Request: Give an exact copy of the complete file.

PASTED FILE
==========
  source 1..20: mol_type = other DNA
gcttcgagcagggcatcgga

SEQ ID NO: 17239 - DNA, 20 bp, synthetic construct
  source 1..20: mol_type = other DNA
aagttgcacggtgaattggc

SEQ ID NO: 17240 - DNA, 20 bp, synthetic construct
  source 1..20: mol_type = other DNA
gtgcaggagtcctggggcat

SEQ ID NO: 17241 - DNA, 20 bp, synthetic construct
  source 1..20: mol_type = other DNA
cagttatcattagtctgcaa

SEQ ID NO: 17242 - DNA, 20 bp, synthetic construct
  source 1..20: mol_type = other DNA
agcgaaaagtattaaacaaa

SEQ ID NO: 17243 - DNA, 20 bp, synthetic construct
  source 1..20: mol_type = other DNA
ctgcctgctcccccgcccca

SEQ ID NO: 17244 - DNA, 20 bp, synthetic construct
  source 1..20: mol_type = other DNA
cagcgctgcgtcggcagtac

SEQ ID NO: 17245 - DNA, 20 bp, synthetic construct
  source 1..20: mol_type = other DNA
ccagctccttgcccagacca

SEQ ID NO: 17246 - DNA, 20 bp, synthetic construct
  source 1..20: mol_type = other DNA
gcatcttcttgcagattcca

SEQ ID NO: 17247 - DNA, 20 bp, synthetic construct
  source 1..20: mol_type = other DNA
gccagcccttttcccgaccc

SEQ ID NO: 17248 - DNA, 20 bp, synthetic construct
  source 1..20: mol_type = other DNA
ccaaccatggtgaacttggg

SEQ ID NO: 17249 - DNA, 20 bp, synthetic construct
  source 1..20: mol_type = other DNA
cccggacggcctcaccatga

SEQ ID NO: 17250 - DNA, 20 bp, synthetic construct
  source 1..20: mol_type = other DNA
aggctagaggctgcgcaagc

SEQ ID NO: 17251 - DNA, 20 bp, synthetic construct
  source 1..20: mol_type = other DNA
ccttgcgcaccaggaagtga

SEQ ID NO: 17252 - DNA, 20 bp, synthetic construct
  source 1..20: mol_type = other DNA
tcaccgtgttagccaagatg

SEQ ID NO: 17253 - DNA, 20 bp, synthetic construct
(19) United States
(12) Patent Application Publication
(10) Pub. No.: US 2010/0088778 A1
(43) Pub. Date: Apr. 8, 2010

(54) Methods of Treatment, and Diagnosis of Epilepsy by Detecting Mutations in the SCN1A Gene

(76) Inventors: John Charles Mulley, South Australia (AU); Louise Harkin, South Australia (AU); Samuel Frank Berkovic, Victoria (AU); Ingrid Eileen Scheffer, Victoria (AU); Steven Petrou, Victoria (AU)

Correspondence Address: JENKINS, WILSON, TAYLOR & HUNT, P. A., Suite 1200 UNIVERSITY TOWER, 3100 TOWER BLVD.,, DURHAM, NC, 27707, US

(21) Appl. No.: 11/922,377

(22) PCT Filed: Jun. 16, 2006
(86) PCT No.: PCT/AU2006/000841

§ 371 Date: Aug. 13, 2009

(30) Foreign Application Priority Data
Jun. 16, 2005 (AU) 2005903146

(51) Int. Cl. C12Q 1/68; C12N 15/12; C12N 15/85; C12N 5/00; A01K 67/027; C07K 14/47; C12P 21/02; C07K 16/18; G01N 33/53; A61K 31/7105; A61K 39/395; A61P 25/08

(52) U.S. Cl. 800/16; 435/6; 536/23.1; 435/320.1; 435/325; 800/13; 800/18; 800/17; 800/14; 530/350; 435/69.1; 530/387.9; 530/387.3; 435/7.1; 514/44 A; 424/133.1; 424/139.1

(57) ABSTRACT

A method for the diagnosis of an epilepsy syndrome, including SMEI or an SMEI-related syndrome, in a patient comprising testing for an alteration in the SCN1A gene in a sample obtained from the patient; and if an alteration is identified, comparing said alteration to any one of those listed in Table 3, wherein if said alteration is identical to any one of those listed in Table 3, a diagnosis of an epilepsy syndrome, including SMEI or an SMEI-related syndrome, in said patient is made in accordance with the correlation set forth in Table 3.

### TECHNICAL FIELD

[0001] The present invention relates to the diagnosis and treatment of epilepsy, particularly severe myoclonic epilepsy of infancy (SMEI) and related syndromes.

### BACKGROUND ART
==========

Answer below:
  source 1..20: mol_type = other DNA
gcttcgagcagggcatcgga

SEQ ID NO: 17239 - DNA, 20 bp, synthetic construct
  source 1..20: mol_type = other DNA
aagttgcacggtgaattggc

SEQ ID NO: 17240 - DNA, 20 bp, synthetic construct
  source 1..20: mol_type = other DNA
gtgcaggagtcctggggcat

SEQ ID NO: 17241 - DNA, 20 bp, synthetic construct
  source 1..20: mol_type = other DNA
cagttatcattagtctgcaa

SEQ ID NO: 17242 - DNA, 20 bp, synthetic construct
  source 1..20: mol_type = other DNA
agcgaaaagtattaaacaaa

SEQ ID NO: 17243 - DNA, 20 bp, synthetic construct
  source 1..20: mol_type = other DNA
ctgcctgctcccccgcccca

SEQ ID NO: 17244 - DNA, 20 bp, synthetic construct
  source 1..20: mol_type = other DNA
cagcgctgcgtcggcagtac

SEQ ID NO: 17245 - DNA, 20 bp, synthetic construct
  source 1..20: mol_type = other DNA
ccagctccttgcccagacca

SEQ ID NO: 17246 - DNA, 20 bp, synthetic construct
  source 1..20: mol_type = other DNA
gcatcttcttgcagattcca

SEQ ID NO: 17247 - DNA, 20 bp, synthetic construct
  source 1..20: mol_type = other DNA
gccagcccttttcccgaccc

SEQ ID NO: 17248 - DNA, 20 bp, synthetic construct
  source 1..20: mol_type = other DNA
ccaaccatggtgaacttggg

SEQ ID NO: 17249 - DNA, 20 bp, synthetic construct
  source 1..20: mol_type = other DNA
cccggacggcctcaccatga

SEQ ID NO: 17250 - DNA, 20 bp, synthetic construct
  source 1..20: mol_type = other DNA
aggctagaggctgcgcaagc

SEQ ID NO: 17251 - DNA, 20 bp, synthetic construct
  source 1..20: mol_type = other DNA
ccttgcgcaccaggaagtga

SEQ ID NO: 17252 - DNA, 20 bp, synthetic construct
  source 1..20: mol_type = other DNA
tcaccgtgttagccaagatg

SEQ ID NO: 17253 - DNA, 20 bp, synthetic construct
(19) United States
(12) Patent Application Publication
(10) Pub. No.: US 2010/0088778 A1
(43) Pub. Date: Apr. 8, 2010

(54) Methods of Treatment, and Diagnosis of Epilepsy by Detecting Mutations in the SCN1A Gene

(76) Inventors: John Charles Mulley, South Australia (AU); Louise Harkin, South Australia (AU); Samuel Frank Berkovic, Victoria (AU); Ingrid Eileen Scheffer, Victoria (AU); Steven Petrou, Victoria (AU)

Correspondence Address: JENKINS, WILSON, TAYLOR & HUNT, P. A., Suite 1200 UNIVERSITY TOWER, 3100 TOWER BLVD.,, DURHAM, NC, 27707, US

(21) Appl. No.: 11/922,377

(22) PCT Filed: Jun. 16, 2006
(86) PCT No.: PCT/AU2006/000841

§ 371 Date: Aug. 13, 2009

(30) Foreign Application Priority Data
Jun. 16, 2005 (AU) 2005903146

(51) Int. Cl. C12Q 1/68; C12N 15/12; C12N 15/85; C12N 5/00; A01K 67/027; C07K 14/47; C12P 21/02; C07K 16/18; G01N 33/53; A61K 31/7105; A61K 39/395; A61P 25/08

(52) U.S. Cl. 800/16; 435/6; 536/23.1; 435/320.1; 435/325; 800/13; 800/18; 800/17; 800/14; 530/350; 435/69.1; 530/387.9; 530/387.3; 435/7.1; 514/44 A; 424/133.1; 424/139.1

(57) ABSTRACT

A method for the diagnosis of an epilepsy syndrome, including SMEI or an SMEI-related syndrome, in a patient comprising testing for an alteration in the SCN1A gene in a sample obtained from the patient; and if an alteration is identified, comparing said alteration to any one of those listed in Table 3, wherein if said alteration is identical to any one of those listed in Table 3, a diagnosis of an epilepsy syndrome, including SMEI or an SMEI-related syndrome, in said patient is made in accordance with the correlation set forth in Table 3.

### TECHNICAL FIELD

[0001] The present invention relates to the diagnosis and treatment of epilepsy, particularly severe myoclonic epilepsy of infancy (SMEI) and related syndromes.

### BACKGROUND ART